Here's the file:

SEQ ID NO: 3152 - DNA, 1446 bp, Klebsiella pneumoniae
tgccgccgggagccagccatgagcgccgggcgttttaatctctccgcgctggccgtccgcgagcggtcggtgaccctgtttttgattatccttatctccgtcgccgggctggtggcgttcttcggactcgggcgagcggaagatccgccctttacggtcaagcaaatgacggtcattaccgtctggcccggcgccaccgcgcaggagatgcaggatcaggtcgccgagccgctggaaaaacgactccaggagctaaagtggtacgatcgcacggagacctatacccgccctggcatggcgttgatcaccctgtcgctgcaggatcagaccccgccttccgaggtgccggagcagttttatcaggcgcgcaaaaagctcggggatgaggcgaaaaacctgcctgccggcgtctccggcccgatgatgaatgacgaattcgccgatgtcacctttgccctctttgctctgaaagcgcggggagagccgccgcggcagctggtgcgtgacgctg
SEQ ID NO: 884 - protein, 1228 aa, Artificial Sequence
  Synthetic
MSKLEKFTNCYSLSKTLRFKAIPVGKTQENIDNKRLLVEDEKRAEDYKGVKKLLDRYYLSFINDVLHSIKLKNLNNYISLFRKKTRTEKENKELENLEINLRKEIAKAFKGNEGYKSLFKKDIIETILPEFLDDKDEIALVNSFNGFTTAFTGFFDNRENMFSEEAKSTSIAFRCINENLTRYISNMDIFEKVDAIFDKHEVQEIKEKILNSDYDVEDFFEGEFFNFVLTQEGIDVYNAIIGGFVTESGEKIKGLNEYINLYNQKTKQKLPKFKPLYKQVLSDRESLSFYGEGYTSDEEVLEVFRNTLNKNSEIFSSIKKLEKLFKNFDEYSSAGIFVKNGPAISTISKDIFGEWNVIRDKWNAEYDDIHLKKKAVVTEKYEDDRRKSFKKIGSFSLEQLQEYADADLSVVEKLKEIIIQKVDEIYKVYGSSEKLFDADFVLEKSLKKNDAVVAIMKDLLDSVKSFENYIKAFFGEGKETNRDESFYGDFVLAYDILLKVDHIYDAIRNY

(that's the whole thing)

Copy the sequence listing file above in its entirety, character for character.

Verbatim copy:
SEQ ID NO: 3152 - DNA, 1446 bp, Klebsiella pneumoniae
tgccgccgggagccagccatgagcgccgggcgttttaatctctccgcgctggccgtccgcgagcggtcggtgaccctgtttttgattatccttatctccgtcgccgggctggtggcgttcttcggactcgggcgagcggaagatccgccctttacggtcaagcaaatgacggtcattaccgtctggcccggcgccaccgcgcaggagatgcaggatcaggtcgccgagccgctggaaaaacgactccaggagctaaagtggtacgatcgcacggagacctatacccgccctggcatggcgttgatcaccctgtcgctgcaggatcagaccccgccttccgaggtgccggagcagttttatcaggcgcgcaaaaagctcggggatgaggcgaaaaacctgcctgccggcgtctccggcccgatgatgaatgacgaattcgccgatgtcacctttgccctctttgctctgaaagcgcggggagagccgccgcggcagctggtgcgtgacgctg
SEQ ID NO: 884 - protein, 1228 aa, Artificial Sequence
  Synthetic
MSKLEKFTNCYSLSKTLRFKAIPVGKTQENIDNKRLLVEDEKRAEDYKGVKKLLDRYYLSFINDVLHSIKLKNLNNYISLFRKKTRTEKENKELENLEINLRKEIAKAFKGNEGYKSLFKKDIIETILPEFLDDKDEIALVNSFNGFTTAFTGFFDNRENMFSEEAKSTSIAFRCINENLTRYISNMDIFEKVDAIFDKHEVQEIKEKILNSDYDVEDFFEGEFFNFVLTQEGIDVYNAIIGGFVTESGEKIKGLNEYINLYNQKTKQKLPKFKPLYKQVLSDRESLSFYGEGYTSDEEVLEVFRNTLNKNSEIFSSIKKLEKLFKNFDEYSSAGIFVKNGPAISTISKDIFGEWNVIRDKWNAEYDDIHLKKKAVVTEKYEDDRRKSFKKIGSFSLEQLQEYADADLSVVEKLKEIIIQKVDEIYKVYGSSEKLFDADFVLEKSLKKNDAVVAIMKDLLDSVKSFENYIKAFFGEGKETNRDESFYGDFVLAYDILLKVDHIYDAIRNY